(photo credit: STEVE FITZGERALD/WIKIMEDIA)
WASHINGTON – Kuwait Airways will cease its passenger service from New York’s John F. Kennedy International Airport to London Heathrow Airport, part of a popular route between the US and the Persian Gulf, after facing US legal action for its discrimination against Israeli passengers.
The Kuwaiti national airline chose to end its service effective January 18, in order to retain its discriminatory policy, the US Department of Transportation said.
Kuwaiti law prevents the airline from issuing tickets to Israelis as part of a broader set of laws in line with the Arab League’s boycott of persons conducting business with Israel.
“The US Department of Transportation will not tolerate unlawful discrimination, and has mandated that the airline immediately cease that practice and allow Israeli passengers to travel between the US and London,” Transportation Secretary Anthony Foxx said. With the termination of service, he continued, “Kuwait Airways is no longer offering or conducting service between JFK and LHR that discriminates against Israeli citizens. We will continue acting decisively to enforce our laws against unlawful discrimination in the US transportation system.”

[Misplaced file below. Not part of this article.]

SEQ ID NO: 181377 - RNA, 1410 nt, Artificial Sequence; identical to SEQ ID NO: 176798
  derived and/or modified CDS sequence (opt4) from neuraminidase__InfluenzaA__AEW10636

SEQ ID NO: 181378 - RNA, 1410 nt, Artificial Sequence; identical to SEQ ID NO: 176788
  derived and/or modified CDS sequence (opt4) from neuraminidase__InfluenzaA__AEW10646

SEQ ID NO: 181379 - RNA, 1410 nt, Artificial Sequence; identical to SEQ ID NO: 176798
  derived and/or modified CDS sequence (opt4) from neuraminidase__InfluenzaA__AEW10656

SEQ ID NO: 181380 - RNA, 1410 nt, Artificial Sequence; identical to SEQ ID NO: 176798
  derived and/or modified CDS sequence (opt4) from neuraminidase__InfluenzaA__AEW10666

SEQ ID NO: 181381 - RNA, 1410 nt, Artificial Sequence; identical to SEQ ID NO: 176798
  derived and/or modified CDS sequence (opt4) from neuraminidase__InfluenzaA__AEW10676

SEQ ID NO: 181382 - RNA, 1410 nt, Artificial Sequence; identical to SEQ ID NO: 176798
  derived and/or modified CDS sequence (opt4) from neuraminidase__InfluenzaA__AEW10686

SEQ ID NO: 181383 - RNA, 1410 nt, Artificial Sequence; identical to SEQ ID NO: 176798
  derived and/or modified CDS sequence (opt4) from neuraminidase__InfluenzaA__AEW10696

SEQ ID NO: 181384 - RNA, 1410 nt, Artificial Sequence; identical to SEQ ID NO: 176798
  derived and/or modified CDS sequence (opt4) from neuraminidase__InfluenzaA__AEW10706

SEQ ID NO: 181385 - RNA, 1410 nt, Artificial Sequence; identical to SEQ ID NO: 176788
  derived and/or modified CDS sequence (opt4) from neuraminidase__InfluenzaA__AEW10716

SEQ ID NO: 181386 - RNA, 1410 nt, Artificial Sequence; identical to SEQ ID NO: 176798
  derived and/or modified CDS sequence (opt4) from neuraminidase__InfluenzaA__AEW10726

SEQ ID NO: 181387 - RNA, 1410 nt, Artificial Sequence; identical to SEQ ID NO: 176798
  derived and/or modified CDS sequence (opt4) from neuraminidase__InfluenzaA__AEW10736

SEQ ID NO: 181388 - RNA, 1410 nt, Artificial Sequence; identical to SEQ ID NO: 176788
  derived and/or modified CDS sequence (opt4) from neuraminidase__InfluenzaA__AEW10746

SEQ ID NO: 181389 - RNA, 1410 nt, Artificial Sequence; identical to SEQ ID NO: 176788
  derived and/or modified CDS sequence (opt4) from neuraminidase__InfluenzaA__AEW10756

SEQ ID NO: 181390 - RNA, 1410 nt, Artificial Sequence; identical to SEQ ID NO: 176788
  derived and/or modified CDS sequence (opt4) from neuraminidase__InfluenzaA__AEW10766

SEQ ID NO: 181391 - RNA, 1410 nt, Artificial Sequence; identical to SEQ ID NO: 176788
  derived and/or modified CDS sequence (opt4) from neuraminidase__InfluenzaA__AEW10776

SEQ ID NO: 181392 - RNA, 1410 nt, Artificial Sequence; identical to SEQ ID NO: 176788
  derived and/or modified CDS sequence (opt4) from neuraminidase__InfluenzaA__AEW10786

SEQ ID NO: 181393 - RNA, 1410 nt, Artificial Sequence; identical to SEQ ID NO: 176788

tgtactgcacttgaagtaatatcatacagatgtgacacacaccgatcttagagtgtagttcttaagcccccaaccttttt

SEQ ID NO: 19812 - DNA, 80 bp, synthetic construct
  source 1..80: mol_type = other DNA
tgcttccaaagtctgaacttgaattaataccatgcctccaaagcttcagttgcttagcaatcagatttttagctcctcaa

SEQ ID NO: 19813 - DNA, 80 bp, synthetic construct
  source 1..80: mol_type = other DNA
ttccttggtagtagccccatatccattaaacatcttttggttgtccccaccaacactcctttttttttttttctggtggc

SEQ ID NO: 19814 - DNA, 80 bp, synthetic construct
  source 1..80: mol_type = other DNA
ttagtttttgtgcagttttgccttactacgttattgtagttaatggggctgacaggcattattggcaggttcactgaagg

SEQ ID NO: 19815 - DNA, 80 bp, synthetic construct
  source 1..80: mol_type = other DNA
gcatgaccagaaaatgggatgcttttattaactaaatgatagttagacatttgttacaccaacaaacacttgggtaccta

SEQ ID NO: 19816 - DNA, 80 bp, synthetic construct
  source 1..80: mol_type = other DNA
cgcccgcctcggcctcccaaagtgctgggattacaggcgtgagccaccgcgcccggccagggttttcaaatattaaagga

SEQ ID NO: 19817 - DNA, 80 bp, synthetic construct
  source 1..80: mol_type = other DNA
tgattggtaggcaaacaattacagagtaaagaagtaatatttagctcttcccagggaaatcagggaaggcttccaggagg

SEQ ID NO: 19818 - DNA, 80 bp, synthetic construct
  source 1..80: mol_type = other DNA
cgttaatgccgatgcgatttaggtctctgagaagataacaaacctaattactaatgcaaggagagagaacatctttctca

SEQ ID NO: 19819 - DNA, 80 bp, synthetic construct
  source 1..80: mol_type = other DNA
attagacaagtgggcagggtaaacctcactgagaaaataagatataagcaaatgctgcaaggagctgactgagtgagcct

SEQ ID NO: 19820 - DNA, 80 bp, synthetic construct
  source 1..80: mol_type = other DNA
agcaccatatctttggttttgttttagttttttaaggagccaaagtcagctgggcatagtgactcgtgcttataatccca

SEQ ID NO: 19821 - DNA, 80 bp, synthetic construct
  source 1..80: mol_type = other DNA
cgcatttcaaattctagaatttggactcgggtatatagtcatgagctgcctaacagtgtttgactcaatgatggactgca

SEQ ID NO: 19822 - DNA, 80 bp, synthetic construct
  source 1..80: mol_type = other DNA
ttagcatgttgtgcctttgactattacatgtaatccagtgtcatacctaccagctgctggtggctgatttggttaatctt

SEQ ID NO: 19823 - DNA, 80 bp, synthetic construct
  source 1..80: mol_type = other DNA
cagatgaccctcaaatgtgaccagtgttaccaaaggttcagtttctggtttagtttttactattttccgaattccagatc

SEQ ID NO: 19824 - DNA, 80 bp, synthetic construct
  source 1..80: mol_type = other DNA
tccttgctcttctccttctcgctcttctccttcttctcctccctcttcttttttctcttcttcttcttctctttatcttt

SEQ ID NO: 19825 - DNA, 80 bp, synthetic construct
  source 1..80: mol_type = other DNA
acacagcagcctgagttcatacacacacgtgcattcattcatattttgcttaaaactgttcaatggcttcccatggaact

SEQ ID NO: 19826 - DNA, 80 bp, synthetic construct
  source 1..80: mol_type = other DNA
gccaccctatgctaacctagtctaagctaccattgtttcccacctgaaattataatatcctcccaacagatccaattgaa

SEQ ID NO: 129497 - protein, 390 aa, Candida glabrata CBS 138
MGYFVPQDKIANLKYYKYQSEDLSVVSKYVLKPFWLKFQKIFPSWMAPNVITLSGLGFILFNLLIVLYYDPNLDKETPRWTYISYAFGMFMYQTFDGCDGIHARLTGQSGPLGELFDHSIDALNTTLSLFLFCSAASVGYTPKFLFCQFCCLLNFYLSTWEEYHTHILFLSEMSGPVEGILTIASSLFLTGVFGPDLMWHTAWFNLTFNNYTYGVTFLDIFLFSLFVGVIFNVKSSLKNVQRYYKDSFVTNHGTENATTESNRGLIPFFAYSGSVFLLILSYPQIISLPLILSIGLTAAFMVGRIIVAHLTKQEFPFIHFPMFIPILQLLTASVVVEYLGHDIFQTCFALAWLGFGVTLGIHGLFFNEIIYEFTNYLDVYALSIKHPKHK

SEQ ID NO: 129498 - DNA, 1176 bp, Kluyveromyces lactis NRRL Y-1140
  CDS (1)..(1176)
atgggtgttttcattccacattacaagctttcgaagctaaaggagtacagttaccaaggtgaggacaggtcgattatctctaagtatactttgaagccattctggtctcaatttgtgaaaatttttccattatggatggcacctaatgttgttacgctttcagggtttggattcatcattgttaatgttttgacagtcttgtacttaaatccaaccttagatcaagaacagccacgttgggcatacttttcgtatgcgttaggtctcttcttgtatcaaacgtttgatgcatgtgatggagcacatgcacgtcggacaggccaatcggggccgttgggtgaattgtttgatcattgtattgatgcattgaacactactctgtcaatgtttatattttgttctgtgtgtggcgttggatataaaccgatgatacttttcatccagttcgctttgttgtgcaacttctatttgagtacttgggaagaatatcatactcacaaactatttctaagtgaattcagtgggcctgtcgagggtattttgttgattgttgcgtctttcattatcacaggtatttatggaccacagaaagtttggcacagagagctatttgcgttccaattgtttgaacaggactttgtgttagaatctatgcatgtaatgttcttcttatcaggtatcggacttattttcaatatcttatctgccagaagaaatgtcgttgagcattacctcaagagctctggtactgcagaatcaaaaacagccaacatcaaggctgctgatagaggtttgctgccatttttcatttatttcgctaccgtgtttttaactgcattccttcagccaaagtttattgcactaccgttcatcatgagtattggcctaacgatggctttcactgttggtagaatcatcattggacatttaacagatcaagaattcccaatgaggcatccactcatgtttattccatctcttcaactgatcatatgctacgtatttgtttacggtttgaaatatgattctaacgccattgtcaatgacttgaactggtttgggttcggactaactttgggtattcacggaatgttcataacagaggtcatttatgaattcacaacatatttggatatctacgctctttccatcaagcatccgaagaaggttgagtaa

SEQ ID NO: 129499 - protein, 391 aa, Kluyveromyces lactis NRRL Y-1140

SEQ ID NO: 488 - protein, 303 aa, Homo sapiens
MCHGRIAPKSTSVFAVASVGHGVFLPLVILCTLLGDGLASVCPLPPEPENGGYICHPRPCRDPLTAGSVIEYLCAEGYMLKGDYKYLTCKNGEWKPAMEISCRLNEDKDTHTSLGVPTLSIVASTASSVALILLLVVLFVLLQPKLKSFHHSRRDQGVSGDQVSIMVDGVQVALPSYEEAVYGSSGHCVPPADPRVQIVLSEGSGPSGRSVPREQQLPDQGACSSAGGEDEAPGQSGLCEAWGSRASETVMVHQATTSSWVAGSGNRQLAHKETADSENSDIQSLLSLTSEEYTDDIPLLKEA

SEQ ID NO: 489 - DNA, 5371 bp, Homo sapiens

In September, the US determined that the airline was likely in violation of the Interstate Commerce Act for unreasonably discriminating against passengers.
Kuwait Airways may also have violated US laws against the boycott of and divestment from Israel and its citizens, the Transportation Department wrote in a letter to the airline at the end of the month.
“We’ve stood firm on this,” a Transportation official told The Jerusalem Post
in November, noting Kuwait’s effort to have the department reconsider. “It’s something the secretary takes very seriously.”